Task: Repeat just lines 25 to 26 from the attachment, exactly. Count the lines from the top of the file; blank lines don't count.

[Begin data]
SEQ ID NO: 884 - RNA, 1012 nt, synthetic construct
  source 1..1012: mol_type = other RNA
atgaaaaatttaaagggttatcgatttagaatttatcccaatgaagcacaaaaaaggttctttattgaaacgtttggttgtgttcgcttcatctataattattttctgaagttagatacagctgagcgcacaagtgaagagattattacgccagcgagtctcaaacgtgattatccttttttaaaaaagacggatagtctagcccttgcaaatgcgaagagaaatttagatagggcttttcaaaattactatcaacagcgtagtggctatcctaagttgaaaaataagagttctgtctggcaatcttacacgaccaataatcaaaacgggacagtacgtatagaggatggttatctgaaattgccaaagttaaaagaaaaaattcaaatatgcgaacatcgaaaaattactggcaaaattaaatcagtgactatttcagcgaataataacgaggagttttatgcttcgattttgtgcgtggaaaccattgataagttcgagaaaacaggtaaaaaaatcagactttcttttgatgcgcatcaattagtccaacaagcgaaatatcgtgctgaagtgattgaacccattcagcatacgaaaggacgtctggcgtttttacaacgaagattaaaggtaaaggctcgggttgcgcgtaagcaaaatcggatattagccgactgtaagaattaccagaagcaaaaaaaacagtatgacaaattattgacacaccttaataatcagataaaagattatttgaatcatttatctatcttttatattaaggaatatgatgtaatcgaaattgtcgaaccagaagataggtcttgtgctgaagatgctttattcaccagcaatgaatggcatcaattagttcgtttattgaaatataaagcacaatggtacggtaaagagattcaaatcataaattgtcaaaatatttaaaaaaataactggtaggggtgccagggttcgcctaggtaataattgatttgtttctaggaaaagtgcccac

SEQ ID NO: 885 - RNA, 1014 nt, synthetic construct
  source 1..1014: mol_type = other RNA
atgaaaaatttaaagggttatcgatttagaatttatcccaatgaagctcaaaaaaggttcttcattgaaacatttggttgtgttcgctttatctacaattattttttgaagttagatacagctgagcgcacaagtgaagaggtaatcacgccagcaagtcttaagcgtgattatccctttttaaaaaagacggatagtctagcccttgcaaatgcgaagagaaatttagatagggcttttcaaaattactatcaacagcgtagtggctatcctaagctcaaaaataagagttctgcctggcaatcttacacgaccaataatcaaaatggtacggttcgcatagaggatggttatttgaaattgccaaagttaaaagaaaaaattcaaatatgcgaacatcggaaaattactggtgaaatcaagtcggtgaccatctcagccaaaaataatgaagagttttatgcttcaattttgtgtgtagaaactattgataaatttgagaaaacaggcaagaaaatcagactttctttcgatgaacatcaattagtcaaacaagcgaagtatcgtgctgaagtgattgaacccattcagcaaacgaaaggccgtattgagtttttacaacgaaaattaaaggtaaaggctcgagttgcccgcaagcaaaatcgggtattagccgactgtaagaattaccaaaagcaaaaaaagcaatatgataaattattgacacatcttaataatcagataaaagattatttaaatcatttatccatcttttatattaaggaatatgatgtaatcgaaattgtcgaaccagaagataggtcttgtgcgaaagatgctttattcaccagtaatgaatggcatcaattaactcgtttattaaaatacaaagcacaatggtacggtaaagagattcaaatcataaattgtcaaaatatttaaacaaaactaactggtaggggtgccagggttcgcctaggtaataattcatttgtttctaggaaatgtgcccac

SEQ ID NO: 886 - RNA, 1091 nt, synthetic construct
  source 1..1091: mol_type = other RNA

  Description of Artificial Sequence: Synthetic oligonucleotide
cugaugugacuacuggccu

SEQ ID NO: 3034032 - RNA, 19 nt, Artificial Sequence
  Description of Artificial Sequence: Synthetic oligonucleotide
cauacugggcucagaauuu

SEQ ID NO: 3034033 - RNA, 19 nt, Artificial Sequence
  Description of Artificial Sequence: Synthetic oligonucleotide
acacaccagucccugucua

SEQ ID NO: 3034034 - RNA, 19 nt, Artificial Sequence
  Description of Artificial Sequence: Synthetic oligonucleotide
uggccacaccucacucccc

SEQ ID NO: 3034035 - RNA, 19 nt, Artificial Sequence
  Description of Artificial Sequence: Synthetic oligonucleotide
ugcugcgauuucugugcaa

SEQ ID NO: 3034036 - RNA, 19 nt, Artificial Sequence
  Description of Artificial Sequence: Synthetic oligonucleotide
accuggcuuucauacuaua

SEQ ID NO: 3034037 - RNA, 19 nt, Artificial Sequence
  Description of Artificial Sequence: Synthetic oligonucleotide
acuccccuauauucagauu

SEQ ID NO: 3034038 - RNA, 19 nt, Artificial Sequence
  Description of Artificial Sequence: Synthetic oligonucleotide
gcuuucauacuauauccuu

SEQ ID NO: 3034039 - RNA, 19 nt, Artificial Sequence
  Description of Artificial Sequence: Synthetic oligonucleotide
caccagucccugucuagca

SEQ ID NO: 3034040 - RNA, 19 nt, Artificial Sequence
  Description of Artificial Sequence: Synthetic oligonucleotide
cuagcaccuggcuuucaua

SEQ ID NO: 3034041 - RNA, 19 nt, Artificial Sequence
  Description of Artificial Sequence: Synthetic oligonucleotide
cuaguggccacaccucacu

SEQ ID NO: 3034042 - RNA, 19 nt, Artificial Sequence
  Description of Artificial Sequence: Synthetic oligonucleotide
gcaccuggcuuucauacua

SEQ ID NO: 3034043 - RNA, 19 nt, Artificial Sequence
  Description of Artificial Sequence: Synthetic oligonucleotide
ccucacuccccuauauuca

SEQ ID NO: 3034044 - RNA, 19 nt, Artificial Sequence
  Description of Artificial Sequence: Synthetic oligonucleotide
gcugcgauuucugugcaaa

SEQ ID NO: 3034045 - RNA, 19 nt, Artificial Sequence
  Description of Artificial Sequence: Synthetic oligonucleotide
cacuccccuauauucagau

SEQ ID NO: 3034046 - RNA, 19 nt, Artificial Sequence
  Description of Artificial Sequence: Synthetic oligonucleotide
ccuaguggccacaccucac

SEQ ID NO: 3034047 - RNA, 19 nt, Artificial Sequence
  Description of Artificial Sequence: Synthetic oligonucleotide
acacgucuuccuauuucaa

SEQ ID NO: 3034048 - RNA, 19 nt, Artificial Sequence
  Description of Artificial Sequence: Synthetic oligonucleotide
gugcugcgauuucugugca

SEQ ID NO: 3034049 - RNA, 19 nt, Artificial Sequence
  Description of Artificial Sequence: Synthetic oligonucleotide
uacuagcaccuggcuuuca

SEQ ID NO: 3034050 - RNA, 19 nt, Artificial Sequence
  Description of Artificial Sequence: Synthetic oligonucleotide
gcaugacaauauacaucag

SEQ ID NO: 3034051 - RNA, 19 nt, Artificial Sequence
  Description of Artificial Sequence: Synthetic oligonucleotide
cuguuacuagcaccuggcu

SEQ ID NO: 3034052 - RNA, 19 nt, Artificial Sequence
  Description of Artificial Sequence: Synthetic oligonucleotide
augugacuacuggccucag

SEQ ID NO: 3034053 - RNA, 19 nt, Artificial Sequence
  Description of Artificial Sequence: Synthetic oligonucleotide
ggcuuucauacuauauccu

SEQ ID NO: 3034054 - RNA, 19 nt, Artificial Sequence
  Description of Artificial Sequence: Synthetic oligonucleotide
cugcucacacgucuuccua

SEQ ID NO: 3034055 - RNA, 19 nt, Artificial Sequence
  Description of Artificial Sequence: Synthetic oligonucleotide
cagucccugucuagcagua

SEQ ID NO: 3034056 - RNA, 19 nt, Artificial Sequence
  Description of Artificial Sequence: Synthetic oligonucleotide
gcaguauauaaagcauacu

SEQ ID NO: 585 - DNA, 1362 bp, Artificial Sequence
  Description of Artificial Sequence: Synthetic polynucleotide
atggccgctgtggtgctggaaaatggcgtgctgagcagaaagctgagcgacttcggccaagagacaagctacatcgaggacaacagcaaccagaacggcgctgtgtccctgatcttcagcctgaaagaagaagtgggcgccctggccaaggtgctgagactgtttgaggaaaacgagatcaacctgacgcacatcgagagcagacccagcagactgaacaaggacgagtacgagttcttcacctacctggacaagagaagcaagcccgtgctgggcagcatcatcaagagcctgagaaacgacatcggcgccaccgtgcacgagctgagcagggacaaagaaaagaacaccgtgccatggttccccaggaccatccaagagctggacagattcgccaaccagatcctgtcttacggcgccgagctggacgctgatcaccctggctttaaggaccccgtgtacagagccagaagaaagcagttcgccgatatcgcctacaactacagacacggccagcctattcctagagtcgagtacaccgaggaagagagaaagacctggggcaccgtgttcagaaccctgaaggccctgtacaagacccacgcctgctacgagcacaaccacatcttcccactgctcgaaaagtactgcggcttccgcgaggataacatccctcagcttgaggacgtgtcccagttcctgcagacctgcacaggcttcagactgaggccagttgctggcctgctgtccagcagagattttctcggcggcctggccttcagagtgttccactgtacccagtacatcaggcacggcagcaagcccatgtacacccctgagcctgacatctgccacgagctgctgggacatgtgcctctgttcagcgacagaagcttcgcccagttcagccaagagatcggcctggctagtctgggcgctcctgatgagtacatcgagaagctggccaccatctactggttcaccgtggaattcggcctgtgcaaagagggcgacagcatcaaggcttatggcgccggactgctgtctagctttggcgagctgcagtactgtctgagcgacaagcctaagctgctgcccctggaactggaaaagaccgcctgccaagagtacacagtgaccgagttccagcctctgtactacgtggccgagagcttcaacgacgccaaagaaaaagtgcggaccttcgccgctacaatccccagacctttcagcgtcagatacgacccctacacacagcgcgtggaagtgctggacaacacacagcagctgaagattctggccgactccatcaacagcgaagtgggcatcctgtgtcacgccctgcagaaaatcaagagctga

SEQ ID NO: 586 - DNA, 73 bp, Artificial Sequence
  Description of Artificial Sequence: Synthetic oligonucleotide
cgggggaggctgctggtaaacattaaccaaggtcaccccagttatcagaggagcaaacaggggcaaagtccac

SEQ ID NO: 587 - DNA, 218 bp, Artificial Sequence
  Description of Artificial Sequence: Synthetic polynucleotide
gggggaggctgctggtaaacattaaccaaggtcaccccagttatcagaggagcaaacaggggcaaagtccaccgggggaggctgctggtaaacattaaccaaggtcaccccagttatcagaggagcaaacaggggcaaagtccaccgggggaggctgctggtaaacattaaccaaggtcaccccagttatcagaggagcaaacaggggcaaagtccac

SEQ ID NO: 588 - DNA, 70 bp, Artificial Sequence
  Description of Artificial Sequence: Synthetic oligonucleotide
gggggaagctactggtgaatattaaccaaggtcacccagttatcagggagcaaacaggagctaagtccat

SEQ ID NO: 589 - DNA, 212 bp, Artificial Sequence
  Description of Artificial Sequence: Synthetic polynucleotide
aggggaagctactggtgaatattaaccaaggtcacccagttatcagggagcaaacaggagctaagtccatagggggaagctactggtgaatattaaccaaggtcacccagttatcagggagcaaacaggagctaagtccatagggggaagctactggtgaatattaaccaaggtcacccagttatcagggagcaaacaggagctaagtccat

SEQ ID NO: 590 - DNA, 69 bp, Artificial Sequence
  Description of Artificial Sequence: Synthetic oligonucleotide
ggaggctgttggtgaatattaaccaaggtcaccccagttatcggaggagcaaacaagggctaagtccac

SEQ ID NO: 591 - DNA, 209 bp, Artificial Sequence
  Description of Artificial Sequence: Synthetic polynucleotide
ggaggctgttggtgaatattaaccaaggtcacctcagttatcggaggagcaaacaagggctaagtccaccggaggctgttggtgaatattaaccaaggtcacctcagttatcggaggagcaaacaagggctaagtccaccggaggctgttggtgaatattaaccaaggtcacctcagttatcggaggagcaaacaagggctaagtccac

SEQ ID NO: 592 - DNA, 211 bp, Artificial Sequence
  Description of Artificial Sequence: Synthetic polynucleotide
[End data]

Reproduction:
accuggcuuucauacuaua

SEQ ID NO: 3034037 - RNA, 19 nt, Artificial Sequence